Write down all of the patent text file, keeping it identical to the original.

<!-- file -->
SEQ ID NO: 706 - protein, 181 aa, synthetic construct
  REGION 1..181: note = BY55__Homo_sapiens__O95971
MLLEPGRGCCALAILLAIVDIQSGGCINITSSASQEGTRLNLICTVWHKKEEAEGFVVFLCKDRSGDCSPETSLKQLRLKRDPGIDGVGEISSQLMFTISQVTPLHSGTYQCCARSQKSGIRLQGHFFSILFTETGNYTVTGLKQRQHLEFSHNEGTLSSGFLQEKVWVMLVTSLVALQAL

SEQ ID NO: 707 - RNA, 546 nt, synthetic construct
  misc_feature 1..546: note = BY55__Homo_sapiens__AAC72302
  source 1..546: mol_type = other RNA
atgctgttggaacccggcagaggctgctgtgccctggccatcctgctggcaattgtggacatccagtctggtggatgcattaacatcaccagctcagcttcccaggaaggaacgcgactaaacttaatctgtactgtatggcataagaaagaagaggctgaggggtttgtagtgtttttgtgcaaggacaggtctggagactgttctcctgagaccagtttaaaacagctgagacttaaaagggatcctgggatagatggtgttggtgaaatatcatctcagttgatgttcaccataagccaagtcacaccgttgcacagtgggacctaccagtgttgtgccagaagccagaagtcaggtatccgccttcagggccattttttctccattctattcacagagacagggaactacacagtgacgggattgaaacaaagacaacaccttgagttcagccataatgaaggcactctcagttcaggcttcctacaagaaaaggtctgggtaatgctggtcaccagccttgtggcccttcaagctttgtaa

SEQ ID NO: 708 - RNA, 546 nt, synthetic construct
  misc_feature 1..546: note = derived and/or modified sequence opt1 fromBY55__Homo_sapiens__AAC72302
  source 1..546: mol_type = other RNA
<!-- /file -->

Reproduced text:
SEQ ID NO: 706 - protein, 181 aa, synthetic construct
  REGION 1..181: note = BY55__Homo_sapiens__O95971
MLLEPGRGCCALAILLAIVDIQSGGCINITSSASQEGTRLNLICTVWHKKEEAEGFVVFLCKDRSGDCSPETSLKQLRLKRDPGIDGVGEISSQLMFTISQVTPLHSGTYQCCARSQKSGIRLQGHFFSILFTETGNYTVTGLKQRQHLEFSHNEGTLSSGFLQEKVWVMLVTSLVALQAL

SEQ ID NO: 707 - RNA, 546 nt, synthetic construct
  misc_feature 1..546: note = BY55__Homo_sapiens__AAC72302
  source 1..546: mol_type = other RNA
atgctgttggaacccggcagaggctgctgtgccctggccatcctgctggcaattgtggacatccagtctggtggatgcattaacatcaccagctcagcttcccaggaaggaacgcgactaaacttaatctgtactgtatggcataagaaagaagaggctgaggggtttgtagtgtttttgtgcaaggacaggtctggagactgttctcctgagaccagtttaaaacagctgagacttaaaagggatcctgggatagatggtgttggtgaaatatcatctcagttgatgttcaccataagccaagtcacaccgttgcacagtgggacctaccagtgttgtgccagaagccagaagtcaggtatccgccttcagggccattttttctccattctattcacagagacagggaactacacagtgacgggattgaaacaaagacaacaccttgagttcagccataatgaaggcactctcagttcaggcttcctacaagaaaaggtctgggtaatgctggtcaccagccttgtggcccttcaagctttgtaa

SEQ ID NO: 708 - RNA, 546 nt, synthetic construct
  misc_feature 1..546: note = derived and/or modified sequence opt1 fromBY55__Homo_sapiens__AAC72302
  source 1..546: mol_type = other RNA